Tom Smart, Deseret News
Utah Jazz head coach Tyrone Corbin talks with rookie Alec Burks.

SALT LAKE CITY — There have been a few shocking wins (see: Miami and runaway wins over the Lakers and Clippers), as well as some stunning losses (see: Toronto and New Orleans).

And the way Utah jumped out to such a great start and remains a darkhorse playoff hopeful falls into the unexpected category for many outsiders.

But one aspect of this season, in particular, surprises Utah Jazz general manager Kevin O'Connor — and it pleasantly surprises him, for that matter.

"I didn't expect us to be able to play as many guys as we have, to be honest with you," O'Connor said. "Coach has done a good job in rotating those four young guys in the game."

The general manager was referring to Utah's 21-year-and-under club of Gordon Hayward, Derrick Favors, Enes Kanter and Alec Burks.

In some ways, Jazz coach Tyrone Corbin has shown playing-time favorability to his veterans, giving the impression that he values their experience and talent over some of the youngsters' promise and energy.

"We (are) just playing to continue to develop and do what gives us the best chance to win," Corbin said.

With somewhat of a win-now-win-more-later approach, Corbin has tried to blend youth into his rotations to give his potential-packed foursome much-needed development time on the court.

It's impossible to please everybody, of course. Guys like Bell and Miles have both found lack of opportunities to be frustrating at times, and a #FreeAlecBurks fan movement shows that there are some out there who would prefer even more chances be given the young guys.

But despite — knock on wood — a relatively healthy season, Corbin has managed to find sizable minutes for most of his players. Eleven regulars average between 13 and 33 minutes in Corbin's mix-and-match and ever-evolving rotation.

The versatile Hayward, who turns 22 next week, has flourished at times since coming off the bench and plays more minutes (27:32) than everybody but Millsap (31:24) and Jefferson (32:58).

The enticingly athletic and aggressive Burks hasn't had his number called in seven games, but the lottery pick from Colorado has averaged 13 minutes and 21 seconds in the other 36 games.

Hayward (26 points) and Burks (15 points) provided a nice offensive punch off the bench Thursday to help lift the Jazz over Minnesota in overtime.

"It's good," said Burks, who hadn't seen action in two games before Thursday's game. "I love playing with the young people, just showing that we can all play at this level."

The 19-year-old Kanter, a fierce rebounder with an improving offensive arsenal, averages 13:43. Favors, 20, has shown glimpses of greatness in his 19.5 minutes per outing, and he's coming off of a career-best 16-rebound effort.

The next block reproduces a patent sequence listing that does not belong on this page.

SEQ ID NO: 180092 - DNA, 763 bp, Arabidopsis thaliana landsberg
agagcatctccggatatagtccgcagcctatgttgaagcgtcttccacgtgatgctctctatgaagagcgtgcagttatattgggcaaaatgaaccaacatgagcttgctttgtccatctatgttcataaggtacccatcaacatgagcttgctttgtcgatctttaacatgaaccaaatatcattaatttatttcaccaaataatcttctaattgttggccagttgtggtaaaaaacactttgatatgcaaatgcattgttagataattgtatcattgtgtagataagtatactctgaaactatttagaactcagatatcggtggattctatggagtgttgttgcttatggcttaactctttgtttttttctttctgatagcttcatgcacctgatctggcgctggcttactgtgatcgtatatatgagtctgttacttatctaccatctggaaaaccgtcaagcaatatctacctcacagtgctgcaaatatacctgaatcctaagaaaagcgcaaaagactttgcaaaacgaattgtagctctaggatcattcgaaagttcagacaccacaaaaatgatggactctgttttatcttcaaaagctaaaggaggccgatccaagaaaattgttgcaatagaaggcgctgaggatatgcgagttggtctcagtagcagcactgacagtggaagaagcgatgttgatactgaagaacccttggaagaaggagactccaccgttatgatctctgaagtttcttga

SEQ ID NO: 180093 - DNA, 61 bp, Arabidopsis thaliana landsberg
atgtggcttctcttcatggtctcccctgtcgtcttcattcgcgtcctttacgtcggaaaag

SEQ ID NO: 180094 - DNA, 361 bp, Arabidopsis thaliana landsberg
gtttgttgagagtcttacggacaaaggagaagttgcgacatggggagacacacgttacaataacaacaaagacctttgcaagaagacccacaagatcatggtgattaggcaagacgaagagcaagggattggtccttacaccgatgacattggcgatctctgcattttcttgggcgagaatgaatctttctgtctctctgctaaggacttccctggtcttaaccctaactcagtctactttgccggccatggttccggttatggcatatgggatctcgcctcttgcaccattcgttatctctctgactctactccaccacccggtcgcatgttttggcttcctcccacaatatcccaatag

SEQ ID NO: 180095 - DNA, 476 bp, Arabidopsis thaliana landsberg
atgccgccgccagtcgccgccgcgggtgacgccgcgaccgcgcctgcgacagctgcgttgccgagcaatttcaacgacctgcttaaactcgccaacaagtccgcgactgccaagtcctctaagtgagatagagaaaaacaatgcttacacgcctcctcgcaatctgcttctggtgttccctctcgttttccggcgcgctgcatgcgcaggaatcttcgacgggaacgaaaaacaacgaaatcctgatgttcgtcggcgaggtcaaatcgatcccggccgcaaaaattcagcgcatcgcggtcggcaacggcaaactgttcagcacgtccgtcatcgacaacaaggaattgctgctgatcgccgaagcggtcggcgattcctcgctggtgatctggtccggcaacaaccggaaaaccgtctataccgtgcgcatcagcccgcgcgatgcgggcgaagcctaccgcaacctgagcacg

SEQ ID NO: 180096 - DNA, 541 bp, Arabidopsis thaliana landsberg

Both young bigs figure to see increased playing time this weekend as well with the absence of Al Jefferson, who's with family in Mississippi for his grandmother's funeral.

Corbin couldn't have been prouder of his young guns after their critical roles in Thursday's 111-105 OT win.

The coach credited them for finding their effective spots on the floor, for learning to read their teammates and adapting to their cuts, and for improving on showing different looks on defense.

"It's been fun. It's frustrating sometimes because they are young and they (make) young mistakes," Corbin said. "But, you know what, they're growing. They're playing hard. They're trying to get better. They're studying the game and you see the growth as a result of that."

Just another example of why O'Connor and the Jazz are optimistic about the future. The GM wouldn't say if other teams came asking for any of those four potential-packed guys, but he did reconfirm that the group gives reason for hope.

"We like our young assets," he said, "and we weren't ready to part with that."

O'Connor also echoed a theory of Corbin's — that quality is more important than quantity when it comes to playing time.

"It's important every year to get into the playoffs," O'Connor said. "The thing that I think is a key for us — and we said it from the beginning — is to play meaningful games. … The intensity picks up, the quality of play picks up and those are the things that you get improvement on with your players."

It doesn't hurt that Corbin — and their older teammates — actually like the Junior Jazz members, too.

Added Corbin: "It's a great group of guys that continue to work to get better."

For now, that's all the Jazz can ask — for those players and the team.

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"I'm comfortable with where we're at, but you're never happy. You shouldn't be," O'Connor said. "You shouldn't be happy in any situation. There's room for improvement."

Overall, Jazz brass are happy with the amount of winning and developing that's gone on this season.

"We're incorporating trying to play some of the younger players and also being able to try and compete to win the game," O'Connor said. "He's been able to handle that pretty darn well, and they've earned those minutes."

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